Tip of the Week: Help Veggies Beat the Heat

These past weeks have had scorching temperatures – and there will be more hot days ahead. Each successive heat wave threatens the health of our veggies. It’s up to us as plant-loving gardeners to help our veggies beat the heat.



Following are 3 things we SHOULD do – and 3 things we should NOT do – to help plants keep their cool.

#1 – Know when and how to water
How and when you water really matter during a heat wave. Keep the following tips in mind:

  • Water either early in the morning or later in the evening as this allows plants to take in moisture when the sun isn’t evaporating it from the soil.
  • Water deeply so it soaks down to all the roots, which is especially important for trees. This makes roots stronger so they deal better heat stress down the road.
  • Consider automatic drip irrigation because it delivers consistent moisture to plants. Plus, your plants will never be waiting for you to come home to water them.
  • If you’re currently watering automatically with spray heads, consider converting to a drip system. With drip, less water is lost to evaporation because it puts the water directly at the root zone. What’s more, water won’t be lost in the wind and it won’t run off the soil and down the gutter as it can with spray heads.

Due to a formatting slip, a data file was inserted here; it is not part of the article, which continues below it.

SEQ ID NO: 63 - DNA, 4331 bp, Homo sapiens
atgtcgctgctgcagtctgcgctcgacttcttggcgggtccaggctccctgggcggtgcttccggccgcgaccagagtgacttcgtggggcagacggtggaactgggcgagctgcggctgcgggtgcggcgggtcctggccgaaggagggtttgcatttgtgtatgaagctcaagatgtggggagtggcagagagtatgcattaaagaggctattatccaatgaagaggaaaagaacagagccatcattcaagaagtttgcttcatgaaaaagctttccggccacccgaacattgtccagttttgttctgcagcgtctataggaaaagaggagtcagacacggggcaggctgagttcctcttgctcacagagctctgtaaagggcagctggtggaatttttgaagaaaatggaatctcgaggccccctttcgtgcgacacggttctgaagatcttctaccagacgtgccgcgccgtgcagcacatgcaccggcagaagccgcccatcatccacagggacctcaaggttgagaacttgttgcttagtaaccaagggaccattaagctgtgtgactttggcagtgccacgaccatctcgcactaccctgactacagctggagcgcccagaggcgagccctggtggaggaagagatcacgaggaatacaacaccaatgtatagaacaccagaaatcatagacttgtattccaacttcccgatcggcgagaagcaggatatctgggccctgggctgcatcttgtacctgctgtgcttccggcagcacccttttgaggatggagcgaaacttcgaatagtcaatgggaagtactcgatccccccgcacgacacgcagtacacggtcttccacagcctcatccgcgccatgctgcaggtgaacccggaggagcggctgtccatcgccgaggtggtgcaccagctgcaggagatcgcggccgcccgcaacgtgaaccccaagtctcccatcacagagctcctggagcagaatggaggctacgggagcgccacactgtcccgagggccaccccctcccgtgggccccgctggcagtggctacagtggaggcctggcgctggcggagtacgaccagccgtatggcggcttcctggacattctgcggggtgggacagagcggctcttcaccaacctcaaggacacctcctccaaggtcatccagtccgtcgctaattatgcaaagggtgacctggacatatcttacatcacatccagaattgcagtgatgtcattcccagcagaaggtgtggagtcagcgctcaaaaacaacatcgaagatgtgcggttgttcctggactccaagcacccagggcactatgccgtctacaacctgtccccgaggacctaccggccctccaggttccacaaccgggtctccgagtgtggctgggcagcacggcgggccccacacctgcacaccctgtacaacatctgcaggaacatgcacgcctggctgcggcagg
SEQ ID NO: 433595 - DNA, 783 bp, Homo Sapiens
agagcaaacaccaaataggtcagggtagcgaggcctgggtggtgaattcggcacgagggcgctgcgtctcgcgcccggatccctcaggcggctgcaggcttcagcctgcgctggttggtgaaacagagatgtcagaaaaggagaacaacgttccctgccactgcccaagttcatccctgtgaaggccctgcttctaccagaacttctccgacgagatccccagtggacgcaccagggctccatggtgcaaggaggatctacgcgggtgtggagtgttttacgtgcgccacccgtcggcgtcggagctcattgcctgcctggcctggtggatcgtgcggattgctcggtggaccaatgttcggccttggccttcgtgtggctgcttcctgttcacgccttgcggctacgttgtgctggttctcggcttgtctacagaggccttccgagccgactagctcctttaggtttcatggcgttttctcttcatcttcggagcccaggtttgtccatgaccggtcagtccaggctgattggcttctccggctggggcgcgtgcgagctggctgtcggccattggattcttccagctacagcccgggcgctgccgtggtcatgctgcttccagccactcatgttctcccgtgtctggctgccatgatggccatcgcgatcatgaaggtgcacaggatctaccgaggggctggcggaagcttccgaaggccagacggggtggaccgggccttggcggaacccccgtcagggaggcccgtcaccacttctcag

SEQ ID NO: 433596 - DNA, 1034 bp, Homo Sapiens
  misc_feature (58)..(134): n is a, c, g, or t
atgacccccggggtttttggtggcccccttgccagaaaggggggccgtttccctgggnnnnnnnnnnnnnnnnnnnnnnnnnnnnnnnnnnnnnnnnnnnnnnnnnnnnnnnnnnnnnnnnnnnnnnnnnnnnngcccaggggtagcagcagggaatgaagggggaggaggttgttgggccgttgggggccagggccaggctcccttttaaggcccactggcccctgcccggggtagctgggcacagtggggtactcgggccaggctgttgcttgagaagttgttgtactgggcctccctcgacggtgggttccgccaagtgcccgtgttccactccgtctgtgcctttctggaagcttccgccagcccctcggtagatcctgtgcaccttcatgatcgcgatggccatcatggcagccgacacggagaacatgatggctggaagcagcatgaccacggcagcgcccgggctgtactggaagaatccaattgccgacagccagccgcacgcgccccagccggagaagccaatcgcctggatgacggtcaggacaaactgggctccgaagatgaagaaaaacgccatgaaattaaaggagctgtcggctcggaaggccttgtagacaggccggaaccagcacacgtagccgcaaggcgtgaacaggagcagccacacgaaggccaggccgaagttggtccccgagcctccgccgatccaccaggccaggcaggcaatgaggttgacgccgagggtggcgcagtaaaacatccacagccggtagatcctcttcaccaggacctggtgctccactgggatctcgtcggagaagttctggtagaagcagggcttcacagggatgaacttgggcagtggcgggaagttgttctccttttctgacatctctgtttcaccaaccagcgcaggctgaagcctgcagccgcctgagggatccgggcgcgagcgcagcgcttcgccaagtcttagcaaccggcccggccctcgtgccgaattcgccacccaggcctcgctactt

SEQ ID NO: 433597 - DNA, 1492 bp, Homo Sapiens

#2 – Hold on to the water you’ve applied by adding mulch
While there are many varieties of mulch, the purpose is the same – to hold moisture in the soil so it doesn’t evaporate and to help control weeds. We don’t want weeds sucking up the water from the tomatoes! Natural mulches like bark and straw help keep roots cool, too.

#3 – Provide shade
We plant our veggies in full sun – but at high temps, sunshine becomes too much of a good thing. Use pieces of shade cloth (available at the garden center) and stakes to create a temporary shade structure over plants. It allows light in while keeping plants underneath shaded.

3 things you should NOT do during a heat wave

  • Don’t fertilize edibles during a heat wave – dry plants can take up too much fertilizer which can cause leaves to burn and even die.
  • Don’t re-pot or transplant as this adds more stress. Transplant when temps are cooler.
  • Don’t prune off wilted growth – allow it provide shade to leaves below. If wilted growth needs trimming, let the plant recover from heat stress and prune on a cooler day.

This entry was posted in Gardens, Maintenance, Design, Green Landscape